<b>March</b>

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The year in reviews

THE BOOKS OF March revisit long-standing struggles and urge us to take a stand and act.


FICTION UNDER OCCUPATION
Written against a backdrop all too familiar to anyone familiar with the Israel/Palestine conflict âe" where bulldozers tear down homes, bored young soldiers shoot as soon as look at you, and children are shot dead for throwing stones âe" David Rhodes' Sparrow Story is a warm, funny and beautifully written book to make people who have never thought about the issue of Palestine sit up and take notice. >by Jenny Lynn >fiction


UNCIVIL LIBERTIES
In Terrorism and the Constitution: Sacrificing civil liberties in the name of national security David Cole and James Dempsey show that politically committed U.S. citizens are now, as often as not, the victims of a misunderstanding between effective criminal investigation and the FBIâe(TM)s frequently misleading counterintelligence operations. >by Marcus Williams >counterterrorism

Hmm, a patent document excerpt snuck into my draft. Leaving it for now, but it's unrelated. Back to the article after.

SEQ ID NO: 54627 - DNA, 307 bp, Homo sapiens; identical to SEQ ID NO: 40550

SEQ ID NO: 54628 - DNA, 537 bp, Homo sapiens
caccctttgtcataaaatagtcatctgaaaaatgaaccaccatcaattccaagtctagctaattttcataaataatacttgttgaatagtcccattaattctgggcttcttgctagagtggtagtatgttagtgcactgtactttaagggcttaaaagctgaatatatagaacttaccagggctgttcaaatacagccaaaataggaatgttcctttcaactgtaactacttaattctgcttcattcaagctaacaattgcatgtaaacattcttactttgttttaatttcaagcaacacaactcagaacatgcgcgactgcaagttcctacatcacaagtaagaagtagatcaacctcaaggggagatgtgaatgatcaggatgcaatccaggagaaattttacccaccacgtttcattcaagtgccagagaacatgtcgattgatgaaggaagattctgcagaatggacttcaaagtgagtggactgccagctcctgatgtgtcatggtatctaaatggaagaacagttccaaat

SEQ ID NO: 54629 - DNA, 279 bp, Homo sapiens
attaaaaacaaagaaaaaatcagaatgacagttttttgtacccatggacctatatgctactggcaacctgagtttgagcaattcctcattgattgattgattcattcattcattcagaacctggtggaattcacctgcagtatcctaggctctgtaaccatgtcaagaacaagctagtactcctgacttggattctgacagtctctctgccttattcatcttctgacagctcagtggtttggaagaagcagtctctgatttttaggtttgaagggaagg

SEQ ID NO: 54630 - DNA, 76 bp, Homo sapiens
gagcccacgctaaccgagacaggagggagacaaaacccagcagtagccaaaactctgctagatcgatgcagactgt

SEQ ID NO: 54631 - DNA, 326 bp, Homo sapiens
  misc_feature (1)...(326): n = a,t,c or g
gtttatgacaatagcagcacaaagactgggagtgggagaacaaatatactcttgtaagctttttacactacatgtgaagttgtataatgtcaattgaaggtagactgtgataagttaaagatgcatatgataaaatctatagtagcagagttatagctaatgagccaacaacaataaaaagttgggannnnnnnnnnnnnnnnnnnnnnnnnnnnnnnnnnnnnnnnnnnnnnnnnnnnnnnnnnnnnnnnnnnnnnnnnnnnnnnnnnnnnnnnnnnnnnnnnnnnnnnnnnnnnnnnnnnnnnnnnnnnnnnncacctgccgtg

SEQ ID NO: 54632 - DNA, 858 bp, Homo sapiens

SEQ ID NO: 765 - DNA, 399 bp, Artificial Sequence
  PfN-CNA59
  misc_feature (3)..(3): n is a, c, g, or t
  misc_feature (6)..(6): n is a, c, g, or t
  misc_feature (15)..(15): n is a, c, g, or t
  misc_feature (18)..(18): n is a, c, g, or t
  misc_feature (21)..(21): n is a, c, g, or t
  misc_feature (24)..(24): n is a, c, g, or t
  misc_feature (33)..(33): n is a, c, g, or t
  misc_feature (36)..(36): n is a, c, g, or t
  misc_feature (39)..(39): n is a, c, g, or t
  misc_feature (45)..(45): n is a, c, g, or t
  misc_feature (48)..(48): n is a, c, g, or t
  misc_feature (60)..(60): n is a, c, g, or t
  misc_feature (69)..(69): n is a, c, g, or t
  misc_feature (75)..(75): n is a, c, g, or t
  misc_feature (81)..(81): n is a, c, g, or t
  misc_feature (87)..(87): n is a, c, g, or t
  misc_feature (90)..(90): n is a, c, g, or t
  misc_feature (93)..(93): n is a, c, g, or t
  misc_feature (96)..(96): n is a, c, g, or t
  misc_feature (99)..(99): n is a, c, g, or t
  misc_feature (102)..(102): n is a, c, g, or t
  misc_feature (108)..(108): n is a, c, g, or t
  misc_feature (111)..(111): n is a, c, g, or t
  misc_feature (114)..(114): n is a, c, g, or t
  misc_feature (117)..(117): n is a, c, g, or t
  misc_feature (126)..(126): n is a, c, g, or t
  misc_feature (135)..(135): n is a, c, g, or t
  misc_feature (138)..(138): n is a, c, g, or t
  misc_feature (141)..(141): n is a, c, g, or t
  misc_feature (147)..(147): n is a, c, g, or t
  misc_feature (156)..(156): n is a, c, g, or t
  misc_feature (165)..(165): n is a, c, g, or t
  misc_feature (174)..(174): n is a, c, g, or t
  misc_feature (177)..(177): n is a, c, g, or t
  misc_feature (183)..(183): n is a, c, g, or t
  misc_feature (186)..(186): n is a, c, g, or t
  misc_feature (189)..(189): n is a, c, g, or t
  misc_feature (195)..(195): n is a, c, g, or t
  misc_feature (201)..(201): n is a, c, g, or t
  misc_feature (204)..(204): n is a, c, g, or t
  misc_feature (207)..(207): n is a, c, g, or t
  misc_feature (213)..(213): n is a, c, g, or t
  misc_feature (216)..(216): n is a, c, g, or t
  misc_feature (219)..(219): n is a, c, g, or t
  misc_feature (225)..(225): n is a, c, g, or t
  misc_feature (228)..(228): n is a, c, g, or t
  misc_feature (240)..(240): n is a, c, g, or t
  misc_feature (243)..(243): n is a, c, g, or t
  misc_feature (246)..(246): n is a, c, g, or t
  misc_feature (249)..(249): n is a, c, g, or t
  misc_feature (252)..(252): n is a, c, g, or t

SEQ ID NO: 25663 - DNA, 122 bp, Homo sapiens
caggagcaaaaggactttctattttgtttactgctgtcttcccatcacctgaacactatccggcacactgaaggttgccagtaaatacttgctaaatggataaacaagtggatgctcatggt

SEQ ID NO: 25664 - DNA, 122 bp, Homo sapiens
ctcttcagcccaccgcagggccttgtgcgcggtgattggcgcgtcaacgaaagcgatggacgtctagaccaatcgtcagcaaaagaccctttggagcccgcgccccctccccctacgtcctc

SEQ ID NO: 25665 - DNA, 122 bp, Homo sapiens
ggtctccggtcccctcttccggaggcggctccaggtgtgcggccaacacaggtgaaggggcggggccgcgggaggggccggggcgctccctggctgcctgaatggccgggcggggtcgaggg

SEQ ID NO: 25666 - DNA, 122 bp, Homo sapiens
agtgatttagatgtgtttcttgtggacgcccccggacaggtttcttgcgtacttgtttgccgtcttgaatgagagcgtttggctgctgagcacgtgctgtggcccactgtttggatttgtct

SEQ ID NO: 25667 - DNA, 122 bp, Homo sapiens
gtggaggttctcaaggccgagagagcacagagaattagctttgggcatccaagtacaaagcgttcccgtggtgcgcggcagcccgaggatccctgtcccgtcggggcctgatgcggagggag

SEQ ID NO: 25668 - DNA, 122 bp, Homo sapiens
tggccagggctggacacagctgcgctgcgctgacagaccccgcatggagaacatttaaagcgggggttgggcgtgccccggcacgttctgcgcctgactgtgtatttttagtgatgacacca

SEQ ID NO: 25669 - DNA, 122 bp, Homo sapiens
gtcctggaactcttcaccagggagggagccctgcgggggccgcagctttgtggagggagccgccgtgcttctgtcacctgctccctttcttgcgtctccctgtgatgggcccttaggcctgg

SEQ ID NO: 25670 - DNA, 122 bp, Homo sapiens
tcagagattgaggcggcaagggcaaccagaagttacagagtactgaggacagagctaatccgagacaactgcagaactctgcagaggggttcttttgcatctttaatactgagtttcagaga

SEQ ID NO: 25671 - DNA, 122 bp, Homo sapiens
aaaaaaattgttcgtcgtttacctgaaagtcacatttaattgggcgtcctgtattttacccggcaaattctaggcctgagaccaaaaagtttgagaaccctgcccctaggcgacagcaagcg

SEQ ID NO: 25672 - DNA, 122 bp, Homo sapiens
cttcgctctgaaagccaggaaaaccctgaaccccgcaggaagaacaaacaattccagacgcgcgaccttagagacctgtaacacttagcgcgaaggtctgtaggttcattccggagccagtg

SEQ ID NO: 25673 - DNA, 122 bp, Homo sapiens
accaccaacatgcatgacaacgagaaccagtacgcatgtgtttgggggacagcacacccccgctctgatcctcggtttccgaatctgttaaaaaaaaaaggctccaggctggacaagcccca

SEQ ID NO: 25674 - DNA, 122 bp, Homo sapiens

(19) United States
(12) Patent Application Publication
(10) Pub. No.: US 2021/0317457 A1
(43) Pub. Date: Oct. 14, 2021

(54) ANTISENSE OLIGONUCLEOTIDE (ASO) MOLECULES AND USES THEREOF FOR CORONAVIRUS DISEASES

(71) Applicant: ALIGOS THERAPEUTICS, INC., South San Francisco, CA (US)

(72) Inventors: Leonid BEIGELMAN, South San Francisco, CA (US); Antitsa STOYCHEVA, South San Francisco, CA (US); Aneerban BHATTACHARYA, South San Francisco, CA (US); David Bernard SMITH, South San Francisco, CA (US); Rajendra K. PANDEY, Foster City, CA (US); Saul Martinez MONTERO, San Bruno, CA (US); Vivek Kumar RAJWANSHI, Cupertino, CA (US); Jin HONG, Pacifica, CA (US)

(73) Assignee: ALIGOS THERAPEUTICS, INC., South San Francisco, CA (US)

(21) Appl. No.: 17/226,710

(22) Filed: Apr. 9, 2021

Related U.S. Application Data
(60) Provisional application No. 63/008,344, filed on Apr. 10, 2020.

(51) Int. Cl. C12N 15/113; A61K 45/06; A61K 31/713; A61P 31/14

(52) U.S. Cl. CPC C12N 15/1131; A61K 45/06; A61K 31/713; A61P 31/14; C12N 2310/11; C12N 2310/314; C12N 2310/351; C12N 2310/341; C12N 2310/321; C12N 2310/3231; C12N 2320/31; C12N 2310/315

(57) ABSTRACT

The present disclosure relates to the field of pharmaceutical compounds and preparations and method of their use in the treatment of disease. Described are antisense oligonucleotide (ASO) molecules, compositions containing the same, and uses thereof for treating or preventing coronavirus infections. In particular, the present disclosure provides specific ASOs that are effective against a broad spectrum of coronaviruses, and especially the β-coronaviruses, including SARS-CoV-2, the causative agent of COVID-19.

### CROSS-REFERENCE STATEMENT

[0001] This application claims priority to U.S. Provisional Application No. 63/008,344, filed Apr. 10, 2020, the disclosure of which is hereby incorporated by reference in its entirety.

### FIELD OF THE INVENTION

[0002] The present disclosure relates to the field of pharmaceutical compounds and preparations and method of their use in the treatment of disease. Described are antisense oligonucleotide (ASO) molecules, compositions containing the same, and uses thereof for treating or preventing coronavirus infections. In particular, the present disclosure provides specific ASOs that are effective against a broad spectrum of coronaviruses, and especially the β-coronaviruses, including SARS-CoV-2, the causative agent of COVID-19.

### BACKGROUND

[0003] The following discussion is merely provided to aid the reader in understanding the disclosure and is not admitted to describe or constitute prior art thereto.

BRAVE NEW VOICE
Cathleen With's debut story collection âe" SKIDS âe" has garnered excellent reviews from across the country, bringing her tales of youth in Vancouverâe(TM)s Downtown Eastside, many of them runaways or addicts, to all Canadians. With tackles gender, sexuality, addiction, loss, courage and hope with a passion and compassion born of life experiences. >by Elizabeth Ruth >short fiction


LOST IN ADDIS ABABA
In There Is No Me Without You, American journalist Melissa Fay Greene tells the story of Haregewoin Teffera, a middle-aged, middle-class Ethiopian woman who, through the vagaries of chance, became foster mother to sixty or so of the 1.5 million Ethiopian children who have lost parents to AIDS. Exhaustively researched and beautifully written, itâe(TM)s the bookâe(TM)s shortcomings that are most illuminating. >Yohannes Edemariam >HIV/AIDS

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